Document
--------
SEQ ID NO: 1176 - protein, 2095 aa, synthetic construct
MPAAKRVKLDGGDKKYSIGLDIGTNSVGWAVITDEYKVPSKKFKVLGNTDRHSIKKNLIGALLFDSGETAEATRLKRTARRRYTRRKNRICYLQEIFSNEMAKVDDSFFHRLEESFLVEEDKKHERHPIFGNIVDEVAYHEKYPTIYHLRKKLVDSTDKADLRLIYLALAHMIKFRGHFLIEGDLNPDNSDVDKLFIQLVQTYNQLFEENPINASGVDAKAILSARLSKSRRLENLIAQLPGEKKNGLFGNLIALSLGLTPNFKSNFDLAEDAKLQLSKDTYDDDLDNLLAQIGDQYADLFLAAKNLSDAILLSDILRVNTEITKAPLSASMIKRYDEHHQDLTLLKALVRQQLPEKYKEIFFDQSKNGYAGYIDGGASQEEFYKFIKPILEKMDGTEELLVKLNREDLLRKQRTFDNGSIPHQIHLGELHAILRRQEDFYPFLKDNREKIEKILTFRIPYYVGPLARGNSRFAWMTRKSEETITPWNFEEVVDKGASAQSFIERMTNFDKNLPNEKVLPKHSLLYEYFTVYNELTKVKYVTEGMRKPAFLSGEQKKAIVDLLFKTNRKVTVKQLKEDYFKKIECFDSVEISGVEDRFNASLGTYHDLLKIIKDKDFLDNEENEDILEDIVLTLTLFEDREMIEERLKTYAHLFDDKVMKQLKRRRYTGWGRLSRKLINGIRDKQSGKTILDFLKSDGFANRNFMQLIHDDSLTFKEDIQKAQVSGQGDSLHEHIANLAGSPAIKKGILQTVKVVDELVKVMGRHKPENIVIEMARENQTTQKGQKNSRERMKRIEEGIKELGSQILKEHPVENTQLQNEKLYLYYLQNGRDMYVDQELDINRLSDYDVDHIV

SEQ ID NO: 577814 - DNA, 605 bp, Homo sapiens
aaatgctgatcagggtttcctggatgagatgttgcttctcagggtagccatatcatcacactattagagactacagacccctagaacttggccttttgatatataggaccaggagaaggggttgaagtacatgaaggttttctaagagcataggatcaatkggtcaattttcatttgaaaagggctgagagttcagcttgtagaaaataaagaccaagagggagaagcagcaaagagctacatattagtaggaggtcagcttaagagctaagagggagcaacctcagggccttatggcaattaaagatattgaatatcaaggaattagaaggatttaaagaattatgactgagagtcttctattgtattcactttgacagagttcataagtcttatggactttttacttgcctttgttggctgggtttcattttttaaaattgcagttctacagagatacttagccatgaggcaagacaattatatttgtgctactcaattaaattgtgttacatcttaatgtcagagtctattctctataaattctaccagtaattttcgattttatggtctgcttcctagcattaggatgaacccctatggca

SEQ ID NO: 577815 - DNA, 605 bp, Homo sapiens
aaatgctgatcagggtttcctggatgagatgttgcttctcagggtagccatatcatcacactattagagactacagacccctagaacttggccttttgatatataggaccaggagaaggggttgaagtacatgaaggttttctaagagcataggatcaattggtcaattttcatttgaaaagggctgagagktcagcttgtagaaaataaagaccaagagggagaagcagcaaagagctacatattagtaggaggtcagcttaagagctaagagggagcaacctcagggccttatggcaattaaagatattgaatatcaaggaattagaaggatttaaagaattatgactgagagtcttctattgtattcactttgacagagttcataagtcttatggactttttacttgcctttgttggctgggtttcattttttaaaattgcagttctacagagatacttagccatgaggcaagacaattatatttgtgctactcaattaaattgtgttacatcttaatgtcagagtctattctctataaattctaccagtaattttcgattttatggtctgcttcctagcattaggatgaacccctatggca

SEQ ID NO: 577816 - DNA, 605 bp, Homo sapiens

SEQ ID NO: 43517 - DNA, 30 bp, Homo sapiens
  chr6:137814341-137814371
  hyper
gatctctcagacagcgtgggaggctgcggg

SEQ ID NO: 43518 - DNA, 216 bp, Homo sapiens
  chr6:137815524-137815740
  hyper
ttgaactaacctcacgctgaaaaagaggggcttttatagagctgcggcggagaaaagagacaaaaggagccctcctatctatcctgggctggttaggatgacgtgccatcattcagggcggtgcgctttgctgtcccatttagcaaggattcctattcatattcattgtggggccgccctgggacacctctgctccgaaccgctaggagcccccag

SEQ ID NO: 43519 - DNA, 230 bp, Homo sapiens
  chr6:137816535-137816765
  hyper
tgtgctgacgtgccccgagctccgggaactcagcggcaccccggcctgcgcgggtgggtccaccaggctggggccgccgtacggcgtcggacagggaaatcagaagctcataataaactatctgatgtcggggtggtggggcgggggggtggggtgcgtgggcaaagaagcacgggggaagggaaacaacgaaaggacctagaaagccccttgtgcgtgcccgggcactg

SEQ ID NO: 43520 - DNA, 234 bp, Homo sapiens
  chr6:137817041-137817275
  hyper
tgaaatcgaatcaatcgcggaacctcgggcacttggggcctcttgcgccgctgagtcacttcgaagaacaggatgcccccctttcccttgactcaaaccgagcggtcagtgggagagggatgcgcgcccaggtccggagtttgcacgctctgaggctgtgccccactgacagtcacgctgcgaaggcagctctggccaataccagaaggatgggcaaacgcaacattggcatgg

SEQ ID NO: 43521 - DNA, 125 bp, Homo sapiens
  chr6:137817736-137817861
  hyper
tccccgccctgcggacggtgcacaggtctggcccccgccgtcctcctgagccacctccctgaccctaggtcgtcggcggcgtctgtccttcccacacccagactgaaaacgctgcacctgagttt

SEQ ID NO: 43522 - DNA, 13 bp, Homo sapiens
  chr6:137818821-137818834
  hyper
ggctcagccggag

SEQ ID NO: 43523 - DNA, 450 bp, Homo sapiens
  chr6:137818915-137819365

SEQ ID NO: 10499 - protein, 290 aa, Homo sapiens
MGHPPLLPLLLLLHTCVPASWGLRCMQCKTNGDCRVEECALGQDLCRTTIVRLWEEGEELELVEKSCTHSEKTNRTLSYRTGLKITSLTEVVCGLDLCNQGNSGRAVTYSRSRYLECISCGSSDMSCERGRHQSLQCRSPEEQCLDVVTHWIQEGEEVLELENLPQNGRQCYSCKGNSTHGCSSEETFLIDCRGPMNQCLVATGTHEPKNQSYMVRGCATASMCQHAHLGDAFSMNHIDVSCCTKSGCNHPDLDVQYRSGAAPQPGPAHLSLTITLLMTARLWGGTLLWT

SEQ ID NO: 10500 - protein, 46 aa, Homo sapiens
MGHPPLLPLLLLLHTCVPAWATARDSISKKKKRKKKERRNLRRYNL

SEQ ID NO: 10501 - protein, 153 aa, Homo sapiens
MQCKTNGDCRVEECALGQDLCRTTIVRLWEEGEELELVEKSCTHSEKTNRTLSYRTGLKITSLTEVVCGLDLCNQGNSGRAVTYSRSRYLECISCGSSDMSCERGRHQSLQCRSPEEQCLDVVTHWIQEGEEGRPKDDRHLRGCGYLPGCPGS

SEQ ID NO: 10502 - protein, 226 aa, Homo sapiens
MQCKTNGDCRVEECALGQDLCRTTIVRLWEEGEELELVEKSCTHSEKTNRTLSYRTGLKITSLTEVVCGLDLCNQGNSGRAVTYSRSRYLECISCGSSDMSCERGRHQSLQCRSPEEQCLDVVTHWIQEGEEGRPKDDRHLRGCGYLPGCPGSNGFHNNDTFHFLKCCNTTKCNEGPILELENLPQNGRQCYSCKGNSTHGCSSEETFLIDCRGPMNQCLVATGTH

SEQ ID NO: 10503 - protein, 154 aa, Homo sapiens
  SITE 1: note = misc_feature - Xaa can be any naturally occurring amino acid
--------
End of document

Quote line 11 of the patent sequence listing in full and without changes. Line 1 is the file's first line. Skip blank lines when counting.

gatctctcagacagcgtgggaggctgcggg